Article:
Tag: OEE cost factors

6 things OEE is NOT!

While OEE has been receiving much deserved attention as manufacturers look for ways to improve their bottom line, it is not the cure for all that ails manufacturing.  Many in the manufacturing community seem to be getting caught up in the buzz and hype of OEE and its profound ability to improve the bottom line.

1.  OEE is NOT magic

As we were researching for our problem solving series, we couldn’t help but notice the numerous attributes that were being given to OEE and how it seems to be solving all the woes of manufacturing.  A thermometer won’t change the weather and OEE alone won’t change your operation.

OEE:  The Lens of Opportunity

We prefer to think that using OEE is like putting on a pair of much needed glasses.  What you are looking at hasn’t changed, your eyes haven’t changed, but the way you see it has.  Similarly, OEE is a very effective metric that serves as a lens to help you see and identify where losses are being incurred.

OEE will help to identify the problem or at least the symptoms.  The real opportunity is to determine root causes for the losses and implement effective corrective actions to eliminate them.  OEE can also be used to verify or validate the actions taken.  Remember,

2.  OEE is not a root cause analysis tool

3.  OEE is not problem solver

4.  OEE is not a solution provider

We recently reviewed an article suggesting that OEE is an indicator of a company’s profitability.  We would argue that OEE is a measure of loss or, to be more positive, profit potential.  Just because we’re effective, doesn’t mean we’re profitable.  Today’s economy and the current state of manufacturing clearly demonstrates this.

5.  OEE is not an indicator of profitability

Another misnomer is mistaking OEE as a measure of operational efficiency.  OEE measures how effectively we used the time for a given asset to make a quality part.  OEE isn’t concerned with the amount of labour or materials required to achieve the desired “rate”.  For example, using two people to achieve the rate of one is not efficient.  As another example, using a higher grade of material to achieve a quality part due to unresolved process issues is not efficient.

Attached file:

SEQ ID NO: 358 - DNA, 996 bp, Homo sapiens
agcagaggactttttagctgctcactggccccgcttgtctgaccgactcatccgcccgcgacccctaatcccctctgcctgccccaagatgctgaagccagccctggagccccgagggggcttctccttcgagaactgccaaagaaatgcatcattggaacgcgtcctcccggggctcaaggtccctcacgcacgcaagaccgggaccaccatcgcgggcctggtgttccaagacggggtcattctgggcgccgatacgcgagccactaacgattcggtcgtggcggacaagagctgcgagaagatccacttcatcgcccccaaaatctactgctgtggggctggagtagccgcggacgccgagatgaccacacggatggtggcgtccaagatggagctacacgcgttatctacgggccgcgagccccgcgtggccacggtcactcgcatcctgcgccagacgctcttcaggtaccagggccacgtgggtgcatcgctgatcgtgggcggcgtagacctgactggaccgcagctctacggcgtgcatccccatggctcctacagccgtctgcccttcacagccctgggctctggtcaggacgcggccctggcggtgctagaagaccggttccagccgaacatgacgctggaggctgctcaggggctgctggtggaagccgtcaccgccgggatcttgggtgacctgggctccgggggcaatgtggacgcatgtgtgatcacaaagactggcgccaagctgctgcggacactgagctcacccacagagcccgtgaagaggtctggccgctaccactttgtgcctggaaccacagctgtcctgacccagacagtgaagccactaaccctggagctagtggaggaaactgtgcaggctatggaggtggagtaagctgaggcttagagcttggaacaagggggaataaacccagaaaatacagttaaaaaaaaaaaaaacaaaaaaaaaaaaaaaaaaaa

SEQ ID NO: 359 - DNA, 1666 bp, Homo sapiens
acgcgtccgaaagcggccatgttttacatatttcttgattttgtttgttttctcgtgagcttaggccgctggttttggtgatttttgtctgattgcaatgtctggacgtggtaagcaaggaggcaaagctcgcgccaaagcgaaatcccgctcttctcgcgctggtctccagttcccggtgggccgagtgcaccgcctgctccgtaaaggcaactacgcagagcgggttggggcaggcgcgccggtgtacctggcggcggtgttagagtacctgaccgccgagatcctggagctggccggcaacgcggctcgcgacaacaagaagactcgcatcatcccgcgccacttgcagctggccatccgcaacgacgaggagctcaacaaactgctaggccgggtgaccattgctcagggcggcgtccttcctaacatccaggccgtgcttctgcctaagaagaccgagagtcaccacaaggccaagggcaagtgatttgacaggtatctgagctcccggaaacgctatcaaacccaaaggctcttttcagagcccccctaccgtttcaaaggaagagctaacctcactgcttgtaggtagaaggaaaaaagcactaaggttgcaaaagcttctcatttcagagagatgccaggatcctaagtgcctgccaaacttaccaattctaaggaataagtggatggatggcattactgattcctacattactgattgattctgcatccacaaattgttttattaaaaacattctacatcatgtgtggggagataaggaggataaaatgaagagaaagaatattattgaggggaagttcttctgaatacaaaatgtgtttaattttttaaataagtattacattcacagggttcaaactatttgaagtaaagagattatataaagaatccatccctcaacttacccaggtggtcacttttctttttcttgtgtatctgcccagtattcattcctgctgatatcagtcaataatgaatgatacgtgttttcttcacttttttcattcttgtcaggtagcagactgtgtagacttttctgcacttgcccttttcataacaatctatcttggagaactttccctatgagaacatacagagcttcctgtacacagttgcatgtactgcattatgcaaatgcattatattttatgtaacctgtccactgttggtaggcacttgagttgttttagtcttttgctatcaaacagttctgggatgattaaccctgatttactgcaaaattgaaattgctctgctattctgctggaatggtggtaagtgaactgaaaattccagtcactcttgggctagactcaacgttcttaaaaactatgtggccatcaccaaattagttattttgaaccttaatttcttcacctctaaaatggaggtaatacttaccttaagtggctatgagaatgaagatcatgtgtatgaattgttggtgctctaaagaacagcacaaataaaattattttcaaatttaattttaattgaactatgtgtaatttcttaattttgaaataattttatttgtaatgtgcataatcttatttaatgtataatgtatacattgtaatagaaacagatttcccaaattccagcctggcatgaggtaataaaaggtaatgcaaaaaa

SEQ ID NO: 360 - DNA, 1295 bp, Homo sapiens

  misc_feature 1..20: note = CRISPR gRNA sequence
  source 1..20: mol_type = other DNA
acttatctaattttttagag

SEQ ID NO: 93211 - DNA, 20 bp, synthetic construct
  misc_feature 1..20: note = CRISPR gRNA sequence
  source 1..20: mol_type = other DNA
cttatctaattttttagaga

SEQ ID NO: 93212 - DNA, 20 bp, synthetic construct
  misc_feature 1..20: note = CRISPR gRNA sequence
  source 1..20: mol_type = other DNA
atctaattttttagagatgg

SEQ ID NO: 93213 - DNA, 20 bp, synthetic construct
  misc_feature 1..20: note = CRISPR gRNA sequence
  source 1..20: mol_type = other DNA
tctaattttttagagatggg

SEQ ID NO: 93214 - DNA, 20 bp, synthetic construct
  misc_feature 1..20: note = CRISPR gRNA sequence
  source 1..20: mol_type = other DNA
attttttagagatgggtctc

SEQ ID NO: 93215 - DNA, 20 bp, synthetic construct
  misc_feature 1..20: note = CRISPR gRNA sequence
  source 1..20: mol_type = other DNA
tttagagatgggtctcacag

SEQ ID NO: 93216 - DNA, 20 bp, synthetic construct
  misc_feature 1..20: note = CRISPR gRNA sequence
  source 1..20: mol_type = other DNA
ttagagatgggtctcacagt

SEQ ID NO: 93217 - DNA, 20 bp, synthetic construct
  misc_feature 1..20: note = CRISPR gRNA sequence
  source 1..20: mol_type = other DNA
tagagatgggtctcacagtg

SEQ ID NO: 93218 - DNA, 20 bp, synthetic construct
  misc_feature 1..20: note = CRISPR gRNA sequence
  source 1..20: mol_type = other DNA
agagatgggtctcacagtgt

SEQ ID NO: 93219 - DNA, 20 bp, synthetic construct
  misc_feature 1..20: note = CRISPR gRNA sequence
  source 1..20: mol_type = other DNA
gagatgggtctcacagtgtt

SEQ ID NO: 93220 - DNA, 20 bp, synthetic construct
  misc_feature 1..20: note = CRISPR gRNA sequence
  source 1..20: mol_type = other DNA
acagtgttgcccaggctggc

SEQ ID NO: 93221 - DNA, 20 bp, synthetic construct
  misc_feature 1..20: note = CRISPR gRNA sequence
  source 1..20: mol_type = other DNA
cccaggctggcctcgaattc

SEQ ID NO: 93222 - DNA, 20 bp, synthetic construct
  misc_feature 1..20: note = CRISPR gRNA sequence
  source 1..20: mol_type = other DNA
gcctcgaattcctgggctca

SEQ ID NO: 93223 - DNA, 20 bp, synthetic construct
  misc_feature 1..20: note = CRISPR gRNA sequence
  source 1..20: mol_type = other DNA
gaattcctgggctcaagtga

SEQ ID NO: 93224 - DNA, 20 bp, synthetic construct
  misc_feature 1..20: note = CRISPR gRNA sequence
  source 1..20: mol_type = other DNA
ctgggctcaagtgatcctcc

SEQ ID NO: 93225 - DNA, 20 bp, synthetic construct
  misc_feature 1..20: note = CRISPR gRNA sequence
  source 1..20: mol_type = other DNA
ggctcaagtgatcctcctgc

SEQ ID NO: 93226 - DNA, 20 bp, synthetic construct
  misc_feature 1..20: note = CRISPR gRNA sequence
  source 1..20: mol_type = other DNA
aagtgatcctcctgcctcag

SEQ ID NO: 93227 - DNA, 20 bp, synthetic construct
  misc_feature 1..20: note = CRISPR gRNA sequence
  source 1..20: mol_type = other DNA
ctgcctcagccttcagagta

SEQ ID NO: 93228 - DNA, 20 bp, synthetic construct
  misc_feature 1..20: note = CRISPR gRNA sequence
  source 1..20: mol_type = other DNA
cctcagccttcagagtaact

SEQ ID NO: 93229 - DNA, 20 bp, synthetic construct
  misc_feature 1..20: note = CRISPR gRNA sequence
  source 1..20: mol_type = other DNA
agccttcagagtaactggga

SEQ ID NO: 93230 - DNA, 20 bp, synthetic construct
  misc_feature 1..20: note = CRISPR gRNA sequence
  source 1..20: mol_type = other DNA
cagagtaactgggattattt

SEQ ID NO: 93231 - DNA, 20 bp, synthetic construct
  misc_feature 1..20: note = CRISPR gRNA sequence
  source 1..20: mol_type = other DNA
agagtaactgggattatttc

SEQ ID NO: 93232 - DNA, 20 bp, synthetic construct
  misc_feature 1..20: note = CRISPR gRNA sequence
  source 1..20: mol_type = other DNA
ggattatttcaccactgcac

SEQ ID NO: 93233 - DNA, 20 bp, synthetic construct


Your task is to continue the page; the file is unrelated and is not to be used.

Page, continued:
6.  OEE is NOT a measure of  Efficiency

Again, OEE measures how  effectively assets are being utilized to make a quality part.  For a complete discussion on measuring OEE, refer to our discussions on Calculating OEE (see the categories side bar).

What is the Answer?

OEE is the single metric that can be used to identify where significant losses are being incurred, the real opportunity to improving the process is to identify the root causes and finding the solutions to the problems that have been identified.

OEE is an excellent diagnostic metric that can help to focus your improvement efforts.  The data acquisition systems available on the market today provide real time intelligence and valuable insight into your processes.  These tools in collaboration with an effective problem solving strategy ultimately become the reason for your improved performance.

Statistics don’t improve quality, thermometers don’t change temperatures, clocks don’t prevent breakdowns.  Don’t confuse the measurement system with the solution – it’s one of the tools.

Effective analysis, problem solving, and timely and efficient execution of corrective actions to address the concerns and eliminate the real root causes – that’s the answer.

OEE is simply one method to grade your efforts.

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Until Next Time – STAY lean!

How to Reduce Costs with OEE: Cost Control

OEE is a great metric to help identify where you may be incurring losses in your processes or operation.  As one of the goals of implementing a Lean strategy is to reduce costs, it only seems natural that we should be able to determine what processes to focus on that are driving the greatest losses.

From the example developed in our previous posts we determined that the OEE and related factors for our three processes were as follows:

Machine Availability Performance Quality OEE
A 92.97% 88.26% 97.77%  80.22%
B 96.04% 77.23% 94.44% 70.05%
C 95.16% 61.70% 95.20% 55.90%

Based on the OEE results, one would be inclined to take a look at Machine C as it has the lowest OEE.  Is this really the greatest opportunity?  The only way to answer the question is to understand what factors are driving costs and ultimately affecting profitability.

The performance factor for machine C is definitely pulling down the OEE for this process.  What would you think if the machine is 100% automated (no labour) and the cycle time, although it may be less than standard, is still meeting the takt time to meet customer demand?  Is there really a cost?  Of course there is, but the impact to your business may be minimal in terms of cost when compared to the other machines.

It is clear that we need to develop a model to understand what losses and ultimately costs are associated with each of the factors.  In turn, we will be able to better understand the overall OEE.

What costs do we consider?  We recommend keeping the model simple.  There are typically three cost components associated with any given process or product:  Material, Labour, and Overhead.  Burden is another term used for Overhead and we will use these terms interchangeably.

Our goal over the next few posts will be to develop a simple cost model for each process and, in turn, determine which one may be the process of choice for improvement.  For now, we will provide a general discussion of some of the potential cost considerations.